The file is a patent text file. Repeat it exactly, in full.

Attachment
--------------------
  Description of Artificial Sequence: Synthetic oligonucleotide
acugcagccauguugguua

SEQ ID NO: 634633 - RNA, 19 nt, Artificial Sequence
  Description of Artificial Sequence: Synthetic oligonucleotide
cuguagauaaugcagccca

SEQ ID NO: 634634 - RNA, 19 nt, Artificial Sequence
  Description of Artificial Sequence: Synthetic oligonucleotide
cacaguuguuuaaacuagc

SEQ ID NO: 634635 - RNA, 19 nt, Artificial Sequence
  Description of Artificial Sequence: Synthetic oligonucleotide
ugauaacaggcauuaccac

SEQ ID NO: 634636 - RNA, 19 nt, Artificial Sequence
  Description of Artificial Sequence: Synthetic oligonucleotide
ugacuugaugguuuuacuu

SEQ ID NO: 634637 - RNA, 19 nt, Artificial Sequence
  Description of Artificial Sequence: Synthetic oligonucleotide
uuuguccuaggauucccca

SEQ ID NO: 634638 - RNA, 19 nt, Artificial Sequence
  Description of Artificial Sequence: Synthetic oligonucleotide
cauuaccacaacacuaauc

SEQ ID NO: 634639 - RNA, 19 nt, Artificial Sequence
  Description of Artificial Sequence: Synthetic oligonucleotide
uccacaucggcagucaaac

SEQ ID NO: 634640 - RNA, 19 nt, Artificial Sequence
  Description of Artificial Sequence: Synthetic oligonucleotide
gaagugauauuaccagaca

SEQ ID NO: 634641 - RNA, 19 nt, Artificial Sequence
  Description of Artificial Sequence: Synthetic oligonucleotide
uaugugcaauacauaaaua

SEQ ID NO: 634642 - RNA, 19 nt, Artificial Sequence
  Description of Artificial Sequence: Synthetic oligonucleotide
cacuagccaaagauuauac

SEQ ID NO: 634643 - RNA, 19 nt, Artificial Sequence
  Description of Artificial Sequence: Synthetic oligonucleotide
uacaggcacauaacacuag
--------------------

  Description of Artificial Sequence: Synthetic oligonucleotide
acugcagccauguugguua

SEQ ID NO: 634633 - RNA, 19 nt, Artificial Sequence
  Description of Artificial Sequence: Synthetic oligonucleotide
cuguagauaaugcagccca

SEQ ID NO: 634634 - RNA, 19 nt, Artificial Sequence
  Description of Artificial Sequence: Synthetic oligonucleotide
cacaguuguuuaaacuagc

SEQ ID NO: 634635 - RNA, 19 nt, Artificial Sequence
  Description of Artificial Sequence: Synthetic oligonucleotide
ugauaacaggcauuaccac

SEQ ID NO: 634636 - RNA, 19 nt, Artificial Sequence
  Description of Artificial Sequence: Synthetic oligonucleotide
ugacuugaugguuuuacuu

SEQ ID NO: 634637 - RNA, 19 nt, Artificial Sequence
  Description of Artificial Sequence: Synthetic oligonucleotide
uuuguccuaggauucccca

SEQ ID NO: 634638 - RNA, 19 nt, Artificial Sequence
  Description of Artificial Sequence: Synthetic oligonucleotide
cauuaccacaacacuaauc

SEQ ID NO: 634639 - RNA, 19 nt, Artificial Sequence
  Description of Artificial Sequence: Synthetic oligonucleotide
uccacaucggcagucaaac

SEQ ID NO: 634640 - RNA, 19 nt, Artificial Sequence
  Description of Artificial Sequence: Synthetic oligonucleotide
gaagugauauuaccagaca

SEQ ID NO: 634641 - RNA, 19 nt, Artificial Sequence
  Description of Artificial Sequence: Synthetic oligonucleotide
uaugugcaauacauaaaua

SEQ ID NO: 634642 - RNA, 19 nt, Artificial Sequence
  Description of Artificial Sequence: Synthetic oligonucleotide
cacuagccaaagauuauac

SEQ ID NO: 634643 - RNA, 19 nt, Artificial Sequence
  Description of Artificial Sequence: Synthetic oligonucleotide
uacaggcacauaacacuag